What does the term "chiffonade' mean in cooking?--Allison
"Chiffon" is the french word for cloth or rags, so making a chiffonade translates essentially to making rags, usually of leaves of basil, mint or other greens.
To make a chiffonade, stack five or so leaves of whatever you are cutting into a pile and then roll them up into a tight cigar shape. Rolling is done along the length, meaning parallel to the center rib. Then using a sharp knife, cut across the roll at a perpendicular (90º) angle to make thin slices. Lightly lift and toss the strips to separate and unroll them.
If you have ever hand cut tagliatelle or fettucine past, the process is rather similar, but working with leaves instead of sheets of rolled pasta dough.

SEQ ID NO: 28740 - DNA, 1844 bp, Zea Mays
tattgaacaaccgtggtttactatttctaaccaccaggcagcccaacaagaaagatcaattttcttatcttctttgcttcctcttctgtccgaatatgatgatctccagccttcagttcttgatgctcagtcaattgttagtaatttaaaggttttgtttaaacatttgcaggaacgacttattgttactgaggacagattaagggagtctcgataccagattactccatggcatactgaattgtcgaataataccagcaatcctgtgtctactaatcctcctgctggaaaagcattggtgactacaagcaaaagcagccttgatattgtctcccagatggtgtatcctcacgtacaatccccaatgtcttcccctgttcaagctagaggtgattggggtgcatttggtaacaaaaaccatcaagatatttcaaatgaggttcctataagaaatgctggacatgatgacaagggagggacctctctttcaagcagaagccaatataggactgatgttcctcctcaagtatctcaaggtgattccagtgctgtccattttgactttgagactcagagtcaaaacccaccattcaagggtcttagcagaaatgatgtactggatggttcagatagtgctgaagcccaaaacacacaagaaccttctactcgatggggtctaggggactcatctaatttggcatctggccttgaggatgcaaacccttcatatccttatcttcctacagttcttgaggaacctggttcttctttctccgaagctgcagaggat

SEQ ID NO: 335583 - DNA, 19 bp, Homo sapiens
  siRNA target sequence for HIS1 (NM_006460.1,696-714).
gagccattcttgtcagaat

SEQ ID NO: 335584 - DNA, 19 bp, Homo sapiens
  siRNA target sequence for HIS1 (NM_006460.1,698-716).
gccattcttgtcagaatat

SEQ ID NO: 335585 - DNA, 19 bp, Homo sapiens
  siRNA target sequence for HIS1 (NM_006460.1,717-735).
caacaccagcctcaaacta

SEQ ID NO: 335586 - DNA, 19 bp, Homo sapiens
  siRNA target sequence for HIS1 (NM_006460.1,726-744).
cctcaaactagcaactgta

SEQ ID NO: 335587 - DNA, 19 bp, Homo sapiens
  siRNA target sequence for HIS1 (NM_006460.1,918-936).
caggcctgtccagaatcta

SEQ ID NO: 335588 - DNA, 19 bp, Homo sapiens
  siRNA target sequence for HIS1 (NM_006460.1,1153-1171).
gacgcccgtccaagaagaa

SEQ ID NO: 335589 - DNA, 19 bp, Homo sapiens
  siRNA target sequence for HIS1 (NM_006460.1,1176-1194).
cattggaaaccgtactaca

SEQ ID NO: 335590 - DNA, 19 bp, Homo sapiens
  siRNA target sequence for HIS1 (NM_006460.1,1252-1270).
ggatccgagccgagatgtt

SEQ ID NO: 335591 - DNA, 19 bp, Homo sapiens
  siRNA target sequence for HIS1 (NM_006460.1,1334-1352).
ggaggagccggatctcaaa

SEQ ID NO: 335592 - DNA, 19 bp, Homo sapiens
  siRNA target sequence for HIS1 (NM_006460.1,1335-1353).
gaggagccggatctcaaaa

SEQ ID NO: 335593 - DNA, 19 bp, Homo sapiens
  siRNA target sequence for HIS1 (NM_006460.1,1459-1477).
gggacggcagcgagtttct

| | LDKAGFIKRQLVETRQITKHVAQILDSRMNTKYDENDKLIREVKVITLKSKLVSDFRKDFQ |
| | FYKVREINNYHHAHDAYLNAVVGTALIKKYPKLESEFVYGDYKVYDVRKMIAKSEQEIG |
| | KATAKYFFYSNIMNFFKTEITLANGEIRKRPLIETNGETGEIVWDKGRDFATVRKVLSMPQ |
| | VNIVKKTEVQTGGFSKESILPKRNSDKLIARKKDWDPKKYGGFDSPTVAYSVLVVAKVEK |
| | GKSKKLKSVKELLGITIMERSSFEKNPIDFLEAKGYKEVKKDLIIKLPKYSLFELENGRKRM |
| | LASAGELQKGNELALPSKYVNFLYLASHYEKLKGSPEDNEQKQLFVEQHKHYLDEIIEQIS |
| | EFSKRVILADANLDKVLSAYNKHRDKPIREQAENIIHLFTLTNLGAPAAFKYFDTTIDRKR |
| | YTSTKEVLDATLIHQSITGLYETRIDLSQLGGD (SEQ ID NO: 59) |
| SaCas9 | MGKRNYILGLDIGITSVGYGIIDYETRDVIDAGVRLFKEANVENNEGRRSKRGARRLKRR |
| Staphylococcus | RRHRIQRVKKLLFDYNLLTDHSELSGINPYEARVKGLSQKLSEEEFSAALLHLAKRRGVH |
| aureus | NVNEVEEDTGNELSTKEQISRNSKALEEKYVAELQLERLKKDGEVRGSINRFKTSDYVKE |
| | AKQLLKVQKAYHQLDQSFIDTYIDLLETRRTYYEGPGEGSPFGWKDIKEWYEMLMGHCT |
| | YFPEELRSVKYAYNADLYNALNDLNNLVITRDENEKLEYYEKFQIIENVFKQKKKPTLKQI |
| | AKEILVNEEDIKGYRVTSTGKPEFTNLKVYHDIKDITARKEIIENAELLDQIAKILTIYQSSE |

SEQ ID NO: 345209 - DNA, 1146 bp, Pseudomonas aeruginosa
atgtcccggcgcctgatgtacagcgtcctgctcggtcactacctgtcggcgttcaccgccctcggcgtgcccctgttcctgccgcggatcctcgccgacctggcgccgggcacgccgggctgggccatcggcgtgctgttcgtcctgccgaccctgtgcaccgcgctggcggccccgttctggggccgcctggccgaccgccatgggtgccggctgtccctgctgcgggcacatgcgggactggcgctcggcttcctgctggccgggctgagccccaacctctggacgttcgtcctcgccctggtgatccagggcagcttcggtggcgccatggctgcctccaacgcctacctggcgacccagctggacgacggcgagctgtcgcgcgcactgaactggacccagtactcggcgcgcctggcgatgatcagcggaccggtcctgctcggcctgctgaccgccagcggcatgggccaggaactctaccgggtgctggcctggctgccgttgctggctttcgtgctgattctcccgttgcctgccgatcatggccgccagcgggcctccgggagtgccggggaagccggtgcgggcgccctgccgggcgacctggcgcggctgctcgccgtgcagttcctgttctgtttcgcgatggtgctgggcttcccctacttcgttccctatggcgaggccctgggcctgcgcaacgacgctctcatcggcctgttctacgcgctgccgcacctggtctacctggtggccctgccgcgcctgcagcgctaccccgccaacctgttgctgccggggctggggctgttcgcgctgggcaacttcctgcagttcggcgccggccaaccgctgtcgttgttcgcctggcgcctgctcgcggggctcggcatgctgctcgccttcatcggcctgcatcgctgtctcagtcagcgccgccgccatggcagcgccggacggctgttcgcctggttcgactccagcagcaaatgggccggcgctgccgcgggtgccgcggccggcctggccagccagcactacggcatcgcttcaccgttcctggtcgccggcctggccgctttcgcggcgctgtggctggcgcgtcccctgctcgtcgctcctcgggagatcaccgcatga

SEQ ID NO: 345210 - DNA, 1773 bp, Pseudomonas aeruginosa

For readers concerned about leaves turning brown from being cut with a knife, don't be. The browning comes about from the reaction of enzymes from inside the cells of the leaf with other parts of the leaf. A sharp stainless steel knife will cause about as much cell damage as tearing but is a lot faster. Once the leaf is bruised or damaged in any way it will start to brown, however, regardless of what method you use so the closer to serving that you make the chiffonade the better it will look.
A chiffonade makes a simple and elegant garnish, or can be used in dishes like Insalata Caprese or pizza to incorproate herbs.
Due to the volume of questions received, not all can be answered.
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